Are hospital readmission penalties a good idea?

According to a report in StatNews, the Medicare Hospital Readmission Reduction Program has achieved its primary goal: It has reduced readmissions. A wide body of evidence shows that readmissions began to fall in 2012, when financial penalties took full effect. They have since declined several percentage points in each of the three conditions originally included in the program, according to a Kaiser Family Foundation analysis of Medicare data.

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Over half of nation's hospitals have Medicare readmission penalty

According to Kaiser Health News, the majority of the nation’s hospitals are being penalized by Medicare for having patients frequently return within a month of discharge — this time losing a combined $420 million, government records show.  The Kaiser story also includes links to data files.

In the fourth year of federal readmission penalties, 2,592 hospitals will receive lower payments for every Medicare patient that stays in the hospital — readmitted or not — starting in October. The Hospital Readmissions Reduction Program, created by the Affordable Care Act, was designed to make hospitals pay closer attention to what happens to their patients after they get discharged.
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Perfect performance on heart failure measures does not lower mortality rate

Performing perfectly on four core heart failure care measures monitored and publicly reported by the Joint Commission and recommended by the American Heart Association results in reduced readmission rates, but does not impact mortality rates for heart failure, according to MedPage Today.
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Medicare begins to penalize hospitals for readmissions beginning in October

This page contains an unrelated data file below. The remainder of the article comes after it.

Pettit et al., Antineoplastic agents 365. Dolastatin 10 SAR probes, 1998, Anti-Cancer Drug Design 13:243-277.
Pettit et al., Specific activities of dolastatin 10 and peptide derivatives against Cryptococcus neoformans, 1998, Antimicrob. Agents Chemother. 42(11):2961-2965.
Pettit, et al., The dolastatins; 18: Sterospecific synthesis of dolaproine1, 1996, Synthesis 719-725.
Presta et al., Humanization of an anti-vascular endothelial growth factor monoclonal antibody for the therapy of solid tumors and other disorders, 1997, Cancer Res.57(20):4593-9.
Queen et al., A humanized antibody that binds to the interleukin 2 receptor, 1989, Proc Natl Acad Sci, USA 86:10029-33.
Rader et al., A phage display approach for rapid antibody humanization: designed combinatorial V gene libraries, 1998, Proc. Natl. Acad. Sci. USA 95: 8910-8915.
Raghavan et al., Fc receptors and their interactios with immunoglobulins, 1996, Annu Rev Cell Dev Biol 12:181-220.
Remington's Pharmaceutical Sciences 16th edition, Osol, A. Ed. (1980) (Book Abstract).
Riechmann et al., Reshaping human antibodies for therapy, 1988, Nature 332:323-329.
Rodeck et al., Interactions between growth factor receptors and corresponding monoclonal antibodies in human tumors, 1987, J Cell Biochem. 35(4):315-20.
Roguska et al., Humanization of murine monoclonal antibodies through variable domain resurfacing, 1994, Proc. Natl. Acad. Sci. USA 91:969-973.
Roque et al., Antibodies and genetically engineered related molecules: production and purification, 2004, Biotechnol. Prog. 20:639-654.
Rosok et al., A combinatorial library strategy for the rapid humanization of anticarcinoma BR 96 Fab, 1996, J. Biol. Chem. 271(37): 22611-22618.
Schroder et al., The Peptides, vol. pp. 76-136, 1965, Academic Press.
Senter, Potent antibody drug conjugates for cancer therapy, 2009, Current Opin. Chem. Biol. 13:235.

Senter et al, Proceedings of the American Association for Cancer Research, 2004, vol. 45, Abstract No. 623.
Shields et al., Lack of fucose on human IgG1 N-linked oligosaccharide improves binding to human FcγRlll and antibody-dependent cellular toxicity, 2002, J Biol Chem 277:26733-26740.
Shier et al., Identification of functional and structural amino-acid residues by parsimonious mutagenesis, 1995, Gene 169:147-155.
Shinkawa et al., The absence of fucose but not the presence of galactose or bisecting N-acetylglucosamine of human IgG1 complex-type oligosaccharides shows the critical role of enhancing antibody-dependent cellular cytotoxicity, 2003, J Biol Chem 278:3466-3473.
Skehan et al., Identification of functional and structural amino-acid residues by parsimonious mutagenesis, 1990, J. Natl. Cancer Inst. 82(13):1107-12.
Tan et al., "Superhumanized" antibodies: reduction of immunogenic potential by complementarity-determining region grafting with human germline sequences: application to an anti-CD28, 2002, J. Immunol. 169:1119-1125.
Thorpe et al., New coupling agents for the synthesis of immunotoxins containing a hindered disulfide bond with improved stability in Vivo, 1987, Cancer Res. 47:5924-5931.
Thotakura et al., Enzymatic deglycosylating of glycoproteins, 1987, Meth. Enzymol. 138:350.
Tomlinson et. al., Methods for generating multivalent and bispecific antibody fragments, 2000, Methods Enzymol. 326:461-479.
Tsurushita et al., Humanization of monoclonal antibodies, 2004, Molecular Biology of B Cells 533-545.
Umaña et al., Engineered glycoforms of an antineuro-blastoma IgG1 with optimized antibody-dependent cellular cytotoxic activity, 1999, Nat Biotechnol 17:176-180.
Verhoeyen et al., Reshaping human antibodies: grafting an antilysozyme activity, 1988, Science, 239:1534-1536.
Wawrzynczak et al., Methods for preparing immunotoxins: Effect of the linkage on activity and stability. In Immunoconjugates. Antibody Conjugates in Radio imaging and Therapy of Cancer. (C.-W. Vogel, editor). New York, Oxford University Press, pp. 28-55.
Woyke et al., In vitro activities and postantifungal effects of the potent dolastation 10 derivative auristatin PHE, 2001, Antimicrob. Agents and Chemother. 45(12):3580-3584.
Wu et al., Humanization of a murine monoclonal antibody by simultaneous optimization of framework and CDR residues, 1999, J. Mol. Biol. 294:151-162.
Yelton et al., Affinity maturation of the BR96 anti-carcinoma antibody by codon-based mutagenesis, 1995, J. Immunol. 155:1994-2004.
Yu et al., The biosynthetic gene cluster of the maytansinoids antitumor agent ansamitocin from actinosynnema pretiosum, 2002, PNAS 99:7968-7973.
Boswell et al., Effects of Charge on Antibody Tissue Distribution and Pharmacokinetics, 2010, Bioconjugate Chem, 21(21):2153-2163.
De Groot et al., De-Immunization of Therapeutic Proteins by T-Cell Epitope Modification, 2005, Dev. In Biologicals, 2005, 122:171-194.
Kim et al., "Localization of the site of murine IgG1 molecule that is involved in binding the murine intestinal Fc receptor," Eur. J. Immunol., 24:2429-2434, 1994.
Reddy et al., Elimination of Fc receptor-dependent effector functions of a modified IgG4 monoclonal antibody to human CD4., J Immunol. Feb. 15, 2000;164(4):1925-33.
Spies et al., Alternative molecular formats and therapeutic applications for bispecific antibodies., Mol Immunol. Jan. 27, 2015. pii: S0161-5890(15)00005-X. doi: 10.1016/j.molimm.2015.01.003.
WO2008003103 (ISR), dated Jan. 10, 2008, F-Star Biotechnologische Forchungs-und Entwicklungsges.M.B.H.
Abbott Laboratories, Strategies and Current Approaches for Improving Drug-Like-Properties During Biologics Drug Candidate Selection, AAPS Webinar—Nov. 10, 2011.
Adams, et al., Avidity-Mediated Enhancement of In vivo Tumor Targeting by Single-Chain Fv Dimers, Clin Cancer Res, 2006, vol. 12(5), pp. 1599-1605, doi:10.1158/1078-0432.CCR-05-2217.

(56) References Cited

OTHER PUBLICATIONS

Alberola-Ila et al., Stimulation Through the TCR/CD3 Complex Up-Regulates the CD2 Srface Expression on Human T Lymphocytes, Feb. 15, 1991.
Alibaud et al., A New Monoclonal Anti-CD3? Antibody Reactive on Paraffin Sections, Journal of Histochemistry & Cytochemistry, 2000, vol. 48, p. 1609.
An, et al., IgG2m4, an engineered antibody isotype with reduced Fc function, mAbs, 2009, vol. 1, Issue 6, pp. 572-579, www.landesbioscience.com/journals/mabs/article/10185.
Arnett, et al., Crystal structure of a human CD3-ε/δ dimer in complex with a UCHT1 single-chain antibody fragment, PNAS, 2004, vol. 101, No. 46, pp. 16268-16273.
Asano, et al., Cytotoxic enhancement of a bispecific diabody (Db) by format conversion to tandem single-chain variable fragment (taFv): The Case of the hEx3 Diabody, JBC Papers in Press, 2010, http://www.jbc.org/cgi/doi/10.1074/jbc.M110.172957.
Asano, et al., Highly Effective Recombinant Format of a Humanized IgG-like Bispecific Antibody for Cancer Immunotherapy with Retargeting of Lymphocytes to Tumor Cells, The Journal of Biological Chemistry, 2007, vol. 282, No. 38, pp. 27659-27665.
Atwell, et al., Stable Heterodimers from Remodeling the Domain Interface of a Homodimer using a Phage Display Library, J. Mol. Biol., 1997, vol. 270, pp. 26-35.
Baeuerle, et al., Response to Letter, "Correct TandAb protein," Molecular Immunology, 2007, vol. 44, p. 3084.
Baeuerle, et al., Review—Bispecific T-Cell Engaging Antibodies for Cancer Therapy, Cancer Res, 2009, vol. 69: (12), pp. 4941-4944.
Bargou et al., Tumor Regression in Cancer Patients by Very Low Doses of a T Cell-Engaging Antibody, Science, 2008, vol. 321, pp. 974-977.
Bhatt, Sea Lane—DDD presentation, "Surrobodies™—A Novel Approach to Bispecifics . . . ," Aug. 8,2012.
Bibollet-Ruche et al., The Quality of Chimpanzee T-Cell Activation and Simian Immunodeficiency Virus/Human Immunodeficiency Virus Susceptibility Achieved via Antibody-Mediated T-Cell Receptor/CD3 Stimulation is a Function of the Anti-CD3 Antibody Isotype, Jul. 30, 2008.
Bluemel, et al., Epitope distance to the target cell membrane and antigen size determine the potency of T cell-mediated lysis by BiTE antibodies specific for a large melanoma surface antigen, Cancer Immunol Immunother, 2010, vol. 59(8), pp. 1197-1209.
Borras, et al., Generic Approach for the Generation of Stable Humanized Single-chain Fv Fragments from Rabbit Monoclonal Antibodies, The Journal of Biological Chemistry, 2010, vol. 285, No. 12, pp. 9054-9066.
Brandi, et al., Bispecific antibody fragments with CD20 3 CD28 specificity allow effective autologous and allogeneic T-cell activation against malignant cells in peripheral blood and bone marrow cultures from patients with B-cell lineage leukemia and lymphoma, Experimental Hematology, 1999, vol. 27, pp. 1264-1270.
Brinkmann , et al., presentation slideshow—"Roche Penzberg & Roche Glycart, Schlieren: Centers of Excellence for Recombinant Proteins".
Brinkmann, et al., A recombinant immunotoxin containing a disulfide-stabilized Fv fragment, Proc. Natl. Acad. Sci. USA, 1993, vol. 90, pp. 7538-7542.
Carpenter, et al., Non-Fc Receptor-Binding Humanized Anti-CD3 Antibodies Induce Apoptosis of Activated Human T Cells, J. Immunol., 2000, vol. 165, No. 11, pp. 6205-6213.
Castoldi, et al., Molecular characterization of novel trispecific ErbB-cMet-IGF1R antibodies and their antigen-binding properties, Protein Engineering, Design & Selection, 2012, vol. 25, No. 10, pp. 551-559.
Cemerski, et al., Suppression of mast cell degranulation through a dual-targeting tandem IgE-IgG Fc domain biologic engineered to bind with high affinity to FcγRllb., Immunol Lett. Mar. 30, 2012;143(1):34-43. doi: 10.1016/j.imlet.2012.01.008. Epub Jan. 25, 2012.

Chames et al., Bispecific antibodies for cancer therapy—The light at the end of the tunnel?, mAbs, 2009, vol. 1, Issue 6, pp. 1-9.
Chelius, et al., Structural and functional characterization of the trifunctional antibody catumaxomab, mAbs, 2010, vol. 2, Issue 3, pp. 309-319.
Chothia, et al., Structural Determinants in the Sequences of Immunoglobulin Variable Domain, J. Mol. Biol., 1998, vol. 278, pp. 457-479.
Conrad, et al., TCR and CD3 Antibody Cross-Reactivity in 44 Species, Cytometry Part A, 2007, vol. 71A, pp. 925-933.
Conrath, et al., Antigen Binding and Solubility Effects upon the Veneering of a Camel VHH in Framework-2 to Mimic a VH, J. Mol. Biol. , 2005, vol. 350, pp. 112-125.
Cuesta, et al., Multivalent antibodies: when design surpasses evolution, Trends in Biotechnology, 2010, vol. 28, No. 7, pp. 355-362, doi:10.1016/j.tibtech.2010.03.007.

Over 2000 hospitals across the country stand to lose approximately $280 million in Medicare reimbursement dollars beginning in October 2012, as Medicare begins to penalize hospitals for readmissions within 30 days of hospital discharge, according to an analysis by Kaiser Health News.
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Patient ratings on website found to correlate with quality of care

A study by the British National Health Service (NHS) has found a correlation between positive patient ratings of their healthcare experience and higher quality care, according to a study in the Archives of Internal Medicine.
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U.S. Department of Health and Human Services to grant $218 million to improve patient safety

The Department of Health and Human Services will award $218 million to 26 hospitals and hospital associations to target initiatives aimed at reducing preventable injuries and complications from hospital-acquired conditions, according to Health Leaders Media.
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